Subsea cables and biomethane

Subsea cables uses loads of materials and for power evacuation, it makes more sense to lay a really high capacity cable rather than low capacity one if one is to invest in doing it over long distances. The environmental impact to marine life is unclear; and given these electronics components, they actually might last only 25 years.

So Singapore is importing electricity through interconnectors, and the first seem like they are going to come from Laos through Malaysia and Thailand? While the deal seems sealed, it is not clear when the physical electrons will be arriving in Singapore. Next up there’s the request for proposal by Energy Market Authority around importing electricity from neighbouring countries, likely though some kind of new subsea interconnectors to draw power from some renewable energy projects.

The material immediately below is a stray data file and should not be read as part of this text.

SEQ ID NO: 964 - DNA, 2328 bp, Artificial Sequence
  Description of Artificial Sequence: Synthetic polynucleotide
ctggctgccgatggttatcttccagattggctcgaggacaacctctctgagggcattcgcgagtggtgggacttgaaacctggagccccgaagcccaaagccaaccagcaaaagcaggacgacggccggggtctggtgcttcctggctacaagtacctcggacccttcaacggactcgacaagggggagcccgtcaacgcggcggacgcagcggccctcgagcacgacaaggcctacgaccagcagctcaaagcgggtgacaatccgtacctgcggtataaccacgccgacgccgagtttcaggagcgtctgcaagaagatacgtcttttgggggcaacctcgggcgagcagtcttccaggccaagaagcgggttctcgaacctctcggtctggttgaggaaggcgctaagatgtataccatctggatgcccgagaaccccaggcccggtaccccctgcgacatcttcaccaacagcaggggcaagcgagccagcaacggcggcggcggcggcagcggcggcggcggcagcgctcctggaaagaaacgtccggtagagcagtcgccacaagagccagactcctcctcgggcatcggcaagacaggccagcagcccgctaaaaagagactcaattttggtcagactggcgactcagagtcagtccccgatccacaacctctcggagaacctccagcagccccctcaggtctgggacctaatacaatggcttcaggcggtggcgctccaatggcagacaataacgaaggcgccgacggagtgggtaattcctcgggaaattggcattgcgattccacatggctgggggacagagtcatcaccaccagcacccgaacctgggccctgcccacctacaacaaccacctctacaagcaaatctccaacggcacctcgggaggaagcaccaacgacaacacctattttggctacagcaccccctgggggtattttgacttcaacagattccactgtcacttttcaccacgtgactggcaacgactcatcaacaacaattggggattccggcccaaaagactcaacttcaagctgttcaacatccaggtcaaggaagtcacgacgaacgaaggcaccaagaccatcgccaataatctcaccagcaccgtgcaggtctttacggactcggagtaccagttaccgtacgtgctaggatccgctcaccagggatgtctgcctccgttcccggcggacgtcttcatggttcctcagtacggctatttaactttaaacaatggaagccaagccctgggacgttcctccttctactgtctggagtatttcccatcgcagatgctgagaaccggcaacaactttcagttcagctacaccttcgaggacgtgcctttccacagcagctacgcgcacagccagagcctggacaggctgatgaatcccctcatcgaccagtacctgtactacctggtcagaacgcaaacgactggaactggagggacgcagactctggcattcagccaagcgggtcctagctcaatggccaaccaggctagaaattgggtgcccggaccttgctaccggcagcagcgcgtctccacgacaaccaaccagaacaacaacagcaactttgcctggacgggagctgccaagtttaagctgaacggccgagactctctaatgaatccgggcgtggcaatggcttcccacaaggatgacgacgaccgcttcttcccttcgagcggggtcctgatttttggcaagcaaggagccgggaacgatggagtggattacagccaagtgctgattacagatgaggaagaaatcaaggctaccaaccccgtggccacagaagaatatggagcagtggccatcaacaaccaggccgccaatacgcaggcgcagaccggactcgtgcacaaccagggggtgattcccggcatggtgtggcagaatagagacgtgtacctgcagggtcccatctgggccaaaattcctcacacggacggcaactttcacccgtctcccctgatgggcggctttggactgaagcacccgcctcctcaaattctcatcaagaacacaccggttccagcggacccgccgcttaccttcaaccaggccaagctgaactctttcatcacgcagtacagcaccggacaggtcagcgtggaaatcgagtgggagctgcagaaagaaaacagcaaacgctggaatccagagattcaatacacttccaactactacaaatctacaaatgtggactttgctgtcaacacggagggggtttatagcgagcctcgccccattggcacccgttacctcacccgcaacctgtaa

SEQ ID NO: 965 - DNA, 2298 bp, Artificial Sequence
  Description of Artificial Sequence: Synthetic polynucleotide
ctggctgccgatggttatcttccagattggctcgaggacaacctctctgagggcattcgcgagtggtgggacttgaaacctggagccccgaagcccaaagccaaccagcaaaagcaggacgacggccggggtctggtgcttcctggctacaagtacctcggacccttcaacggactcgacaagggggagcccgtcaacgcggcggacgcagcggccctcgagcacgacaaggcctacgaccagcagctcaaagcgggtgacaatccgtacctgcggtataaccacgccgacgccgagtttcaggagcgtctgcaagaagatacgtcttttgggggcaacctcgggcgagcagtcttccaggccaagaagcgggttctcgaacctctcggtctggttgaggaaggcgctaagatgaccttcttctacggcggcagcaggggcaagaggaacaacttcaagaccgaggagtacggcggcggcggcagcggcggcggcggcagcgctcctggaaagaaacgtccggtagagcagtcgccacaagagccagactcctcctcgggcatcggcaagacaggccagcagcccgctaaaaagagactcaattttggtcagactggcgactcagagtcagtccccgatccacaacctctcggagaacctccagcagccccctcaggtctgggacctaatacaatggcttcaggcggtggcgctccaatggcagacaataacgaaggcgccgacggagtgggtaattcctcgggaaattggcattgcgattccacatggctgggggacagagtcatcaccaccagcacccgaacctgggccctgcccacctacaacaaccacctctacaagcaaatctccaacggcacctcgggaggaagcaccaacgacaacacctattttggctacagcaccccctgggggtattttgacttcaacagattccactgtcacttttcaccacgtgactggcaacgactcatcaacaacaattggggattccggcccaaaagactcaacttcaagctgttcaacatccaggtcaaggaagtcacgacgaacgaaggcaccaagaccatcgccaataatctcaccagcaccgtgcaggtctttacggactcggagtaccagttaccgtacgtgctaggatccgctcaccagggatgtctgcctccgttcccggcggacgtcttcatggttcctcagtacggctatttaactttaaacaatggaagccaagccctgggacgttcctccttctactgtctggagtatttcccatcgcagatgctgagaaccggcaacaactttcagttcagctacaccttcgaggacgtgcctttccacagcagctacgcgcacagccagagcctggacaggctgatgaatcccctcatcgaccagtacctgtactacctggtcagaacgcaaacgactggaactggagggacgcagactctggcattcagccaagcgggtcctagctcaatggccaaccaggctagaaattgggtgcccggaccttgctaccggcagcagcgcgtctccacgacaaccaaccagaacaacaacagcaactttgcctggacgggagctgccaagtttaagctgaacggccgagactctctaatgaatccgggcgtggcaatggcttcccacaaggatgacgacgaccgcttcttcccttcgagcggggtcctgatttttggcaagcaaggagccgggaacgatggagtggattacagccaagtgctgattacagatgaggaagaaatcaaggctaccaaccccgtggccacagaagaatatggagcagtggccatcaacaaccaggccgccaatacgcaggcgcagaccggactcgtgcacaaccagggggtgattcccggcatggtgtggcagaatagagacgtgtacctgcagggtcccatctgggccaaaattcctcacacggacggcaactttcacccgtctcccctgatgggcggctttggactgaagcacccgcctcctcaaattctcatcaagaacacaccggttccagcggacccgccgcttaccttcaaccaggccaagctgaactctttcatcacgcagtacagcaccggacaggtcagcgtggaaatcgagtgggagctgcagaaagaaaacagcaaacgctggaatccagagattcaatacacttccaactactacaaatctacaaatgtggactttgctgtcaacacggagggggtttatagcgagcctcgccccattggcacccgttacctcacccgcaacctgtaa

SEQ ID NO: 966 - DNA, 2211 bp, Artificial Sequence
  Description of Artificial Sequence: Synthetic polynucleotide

Given the requirement for firm electricity supply, the solar or wind projects will require battery storage. The green electricity from Laos is different as they are hydropower which has much more dispatch-ready quality to them. The subsea cables, the energy storage systems as well as the solar or wind projects are going to be very costly and the fresh infrastructure is supposed to somehow displace some of the infrastructure we have already built in Singapore such as the LNG terminal etc. Since the renewable electricity should probably replace some of the local gas-generated power?

Why don’t Singapore consider greener fuels instead such as looking at biomethane and building out the supply chain in the region. It can concurrently achieve some positive impact in the region by reducing toxic palm oil waste, and hence pollution, harness waste into a resource while achieving decarbonisation by leveraging existing infrastructure. Granted, it is a long journey and might be more tedious to pull off than just calling an RFP and importing electricity through a sub-sea cable.

But don’t we want to participate more in regional infrastructure?

1 Comment

Comments are closed.